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'Women are funnier than men': HERE Festival brings minority groups to comedy forefront

HERE: Representation in Arts & Comedy Festival

I Just Said That performers pictured last year at a comedy show. The group is involved in HERE, an upcoming festival about representation in the arts. Photo by Taryn Revoir. 

HERE: Representation in Arts and Comedy Festival is the manifestation of senior Shea Stanley’s Honors thesis statement on representation in media. Stanley is the co-founder and president of UNC's comedy group I Just Said That for women and non-binary people. Beyond this group, Stanley wants to see the realm of performance and comedy grow to encompass diversity by means of race, gender and ability. 

The comedy and arts festival will consist of movie screenings, performance writing workshops, a comedy show and other platforms for artists of all kinds to share their work and stories. The festival will be held Thursday through Sunday, and each part of the festival is set in its own location, which are mostly on campus and free of charge. 

Stanley and Ellie Rodriguez, co-founder of I Just Said That, used to perform comedy with another UNC comedy group, False Profits, before directing their attention to comedy that is accessible for people other than cisgendered straight white men, according to Rodriguez

“Comedy has specifically targeted white men because white men naturally think they are funny even when they are not, so they have the confidence to go out and do it. Women and non-binary folk are plenty confident but may need an extra space, opportunity or push to try comedy by being willing to fail and get better at it. But usually they don’t fail at it because women are funnier than men,” Stanley said. 

Stanley said she hopes that people will start to hear not just the comedic sets, but also stories of all kinds from others, because it's important to think about other groups the audience might not be a part of.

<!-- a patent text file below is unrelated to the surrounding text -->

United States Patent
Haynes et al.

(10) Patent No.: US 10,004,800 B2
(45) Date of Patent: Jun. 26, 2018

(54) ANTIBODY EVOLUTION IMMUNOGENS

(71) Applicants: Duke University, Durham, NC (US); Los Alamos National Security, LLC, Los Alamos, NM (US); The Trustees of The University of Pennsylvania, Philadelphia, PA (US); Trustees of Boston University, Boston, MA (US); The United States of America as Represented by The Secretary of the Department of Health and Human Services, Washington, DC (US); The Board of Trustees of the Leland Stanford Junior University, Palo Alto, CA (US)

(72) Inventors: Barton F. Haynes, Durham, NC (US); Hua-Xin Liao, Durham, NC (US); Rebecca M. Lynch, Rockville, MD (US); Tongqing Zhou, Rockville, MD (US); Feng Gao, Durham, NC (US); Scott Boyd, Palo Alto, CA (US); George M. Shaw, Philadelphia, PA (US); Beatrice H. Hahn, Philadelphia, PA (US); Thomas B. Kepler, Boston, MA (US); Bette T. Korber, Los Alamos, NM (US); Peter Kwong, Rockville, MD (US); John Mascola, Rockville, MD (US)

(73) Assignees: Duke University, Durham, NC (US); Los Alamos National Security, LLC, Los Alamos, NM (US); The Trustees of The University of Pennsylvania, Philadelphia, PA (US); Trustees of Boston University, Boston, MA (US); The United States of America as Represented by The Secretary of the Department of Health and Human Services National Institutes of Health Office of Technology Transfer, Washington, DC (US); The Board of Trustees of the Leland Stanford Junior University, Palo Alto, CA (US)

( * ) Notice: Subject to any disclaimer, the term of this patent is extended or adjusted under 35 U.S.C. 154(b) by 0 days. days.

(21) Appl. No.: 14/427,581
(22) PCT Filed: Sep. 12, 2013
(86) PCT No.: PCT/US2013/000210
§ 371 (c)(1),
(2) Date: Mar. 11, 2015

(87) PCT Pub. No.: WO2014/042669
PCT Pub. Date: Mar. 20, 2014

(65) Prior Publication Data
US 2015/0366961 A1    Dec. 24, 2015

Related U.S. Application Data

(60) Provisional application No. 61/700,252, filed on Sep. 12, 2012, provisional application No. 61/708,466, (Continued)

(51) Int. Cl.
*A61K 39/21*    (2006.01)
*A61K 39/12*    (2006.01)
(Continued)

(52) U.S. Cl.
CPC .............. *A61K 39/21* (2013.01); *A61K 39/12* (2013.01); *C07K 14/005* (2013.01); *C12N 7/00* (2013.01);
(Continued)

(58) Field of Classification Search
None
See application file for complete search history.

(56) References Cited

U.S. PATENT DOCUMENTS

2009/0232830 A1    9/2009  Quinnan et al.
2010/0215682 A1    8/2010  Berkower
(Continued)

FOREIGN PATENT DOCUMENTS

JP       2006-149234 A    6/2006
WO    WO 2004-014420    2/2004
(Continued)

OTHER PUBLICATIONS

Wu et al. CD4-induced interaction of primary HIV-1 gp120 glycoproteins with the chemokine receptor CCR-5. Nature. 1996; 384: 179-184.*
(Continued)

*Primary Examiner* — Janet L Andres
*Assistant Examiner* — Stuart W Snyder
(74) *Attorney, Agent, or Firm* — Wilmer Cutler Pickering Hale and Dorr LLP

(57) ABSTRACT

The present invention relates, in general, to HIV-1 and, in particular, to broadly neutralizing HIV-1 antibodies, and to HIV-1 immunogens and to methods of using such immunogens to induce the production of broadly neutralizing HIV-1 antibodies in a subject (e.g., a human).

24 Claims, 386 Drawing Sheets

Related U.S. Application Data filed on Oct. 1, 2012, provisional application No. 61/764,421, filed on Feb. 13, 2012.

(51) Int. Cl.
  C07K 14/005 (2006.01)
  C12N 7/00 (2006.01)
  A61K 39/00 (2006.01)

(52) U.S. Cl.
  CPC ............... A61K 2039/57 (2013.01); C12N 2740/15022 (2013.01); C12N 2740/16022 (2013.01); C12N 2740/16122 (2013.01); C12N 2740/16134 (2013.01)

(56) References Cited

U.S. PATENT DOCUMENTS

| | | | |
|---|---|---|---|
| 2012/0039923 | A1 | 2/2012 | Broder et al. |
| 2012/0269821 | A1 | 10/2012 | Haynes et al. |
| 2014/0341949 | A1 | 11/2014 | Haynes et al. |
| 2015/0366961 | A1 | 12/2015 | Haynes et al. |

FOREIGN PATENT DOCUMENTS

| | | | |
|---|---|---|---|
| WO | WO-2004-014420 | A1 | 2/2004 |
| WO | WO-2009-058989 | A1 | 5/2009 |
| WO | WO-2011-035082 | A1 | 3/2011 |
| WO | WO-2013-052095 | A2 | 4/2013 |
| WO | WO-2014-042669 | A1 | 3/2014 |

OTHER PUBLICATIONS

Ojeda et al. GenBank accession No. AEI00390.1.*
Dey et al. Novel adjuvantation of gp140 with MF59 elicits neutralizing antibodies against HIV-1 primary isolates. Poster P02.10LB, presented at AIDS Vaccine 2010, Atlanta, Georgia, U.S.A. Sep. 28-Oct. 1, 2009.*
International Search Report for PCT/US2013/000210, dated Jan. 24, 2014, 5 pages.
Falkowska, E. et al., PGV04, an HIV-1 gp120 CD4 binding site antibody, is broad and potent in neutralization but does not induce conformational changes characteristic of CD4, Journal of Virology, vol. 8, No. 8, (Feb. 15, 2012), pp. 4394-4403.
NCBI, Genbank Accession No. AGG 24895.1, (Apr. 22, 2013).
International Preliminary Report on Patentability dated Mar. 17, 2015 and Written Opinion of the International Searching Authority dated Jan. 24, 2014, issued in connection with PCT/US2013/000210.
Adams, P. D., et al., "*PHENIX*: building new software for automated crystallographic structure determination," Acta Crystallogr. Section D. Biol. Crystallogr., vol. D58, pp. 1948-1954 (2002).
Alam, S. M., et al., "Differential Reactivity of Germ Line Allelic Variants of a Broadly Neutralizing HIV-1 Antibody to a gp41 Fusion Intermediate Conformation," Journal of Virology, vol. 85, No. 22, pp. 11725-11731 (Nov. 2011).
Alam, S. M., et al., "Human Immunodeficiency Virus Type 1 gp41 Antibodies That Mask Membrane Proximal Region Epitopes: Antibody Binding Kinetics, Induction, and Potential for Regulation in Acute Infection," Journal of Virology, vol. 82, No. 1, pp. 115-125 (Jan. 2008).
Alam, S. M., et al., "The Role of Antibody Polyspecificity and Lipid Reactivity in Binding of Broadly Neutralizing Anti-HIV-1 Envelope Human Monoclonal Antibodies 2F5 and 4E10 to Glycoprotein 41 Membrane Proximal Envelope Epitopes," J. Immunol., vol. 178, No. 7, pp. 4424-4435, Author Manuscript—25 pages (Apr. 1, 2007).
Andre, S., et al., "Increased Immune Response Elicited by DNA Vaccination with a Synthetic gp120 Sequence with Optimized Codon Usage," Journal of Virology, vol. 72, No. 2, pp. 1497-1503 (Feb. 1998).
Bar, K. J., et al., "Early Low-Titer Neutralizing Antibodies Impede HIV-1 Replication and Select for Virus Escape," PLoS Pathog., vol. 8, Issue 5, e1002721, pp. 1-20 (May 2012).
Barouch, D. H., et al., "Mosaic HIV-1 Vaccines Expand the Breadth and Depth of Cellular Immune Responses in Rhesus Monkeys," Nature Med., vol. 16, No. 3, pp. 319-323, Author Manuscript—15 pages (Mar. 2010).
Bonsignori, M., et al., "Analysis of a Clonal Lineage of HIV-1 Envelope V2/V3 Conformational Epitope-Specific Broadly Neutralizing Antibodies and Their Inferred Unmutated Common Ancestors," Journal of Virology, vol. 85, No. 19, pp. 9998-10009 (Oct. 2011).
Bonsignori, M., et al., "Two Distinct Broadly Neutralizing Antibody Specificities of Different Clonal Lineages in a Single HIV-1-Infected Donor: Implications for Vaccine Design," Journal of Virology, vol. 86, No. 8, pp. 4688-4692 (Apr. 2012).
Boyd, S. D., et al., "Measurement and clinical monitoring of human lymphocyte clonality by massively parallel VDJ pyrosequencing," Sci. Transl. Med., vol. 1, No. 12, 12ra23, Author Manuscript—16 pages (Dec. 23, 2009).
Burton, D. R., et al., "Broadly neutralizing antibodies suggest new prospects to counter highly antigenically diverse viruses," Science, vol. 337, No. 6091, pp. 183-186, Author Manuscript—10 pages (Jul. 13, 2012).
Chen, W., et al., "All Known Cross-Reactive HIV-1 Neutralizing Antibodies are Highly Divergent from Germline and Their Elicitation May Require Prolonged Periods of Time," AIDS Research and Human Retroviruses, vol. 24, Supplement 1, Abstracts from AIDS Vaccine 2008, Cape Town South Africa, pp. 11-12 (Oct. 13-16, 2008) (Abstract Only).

Creatives of Color, a performance group at UNC for people of color, will be participating in the HERE Festival with an art market and variety show. Kevyn Robinson, vice president of Creatives of Color, will be leading a workshop on representation in screenwriting on Feb 24. 

“The purpose of the organization is to make sure that students of color know that there is a space on campus where they can participate in these activities and not feel as if they are shunned away,” Robinson said. 

Robinson said that the high cost of film training is often especially burdensome for students of color. Creatives of Color aims to create an inclusive and accessible space for people to be involved with experience-based learning.

Robinson said she hopes this festival will foster a creative alliance between non-students of color and marginalized communities. 

“Marginalized communities deal with lots of hard, even traumatic experiences, and comedy is a vehicle to process these social ills, community level grievances and interpersonal dramas,” Rodriguez said. 

Rodriguez has performed and worked with Stanley throughout their time at UNC and said she admires her work ethic.

“Shea is bringing together a lot of groups to create a really bomb conglomerate of creative folks who all want to create something fantastic,” Rodriguez said. 

Representation in the arts is a shared interest with Creatives of Color founder and President Noni Shemenski. She will be running the Out Loud show as part of Stanley’s festival.

“Growing up I never really saw others who looked like me on stage, in books or film or on TV,” Shemenski said. “It’s been an invested issue of mine to not have the next generation of kids feel that way.”

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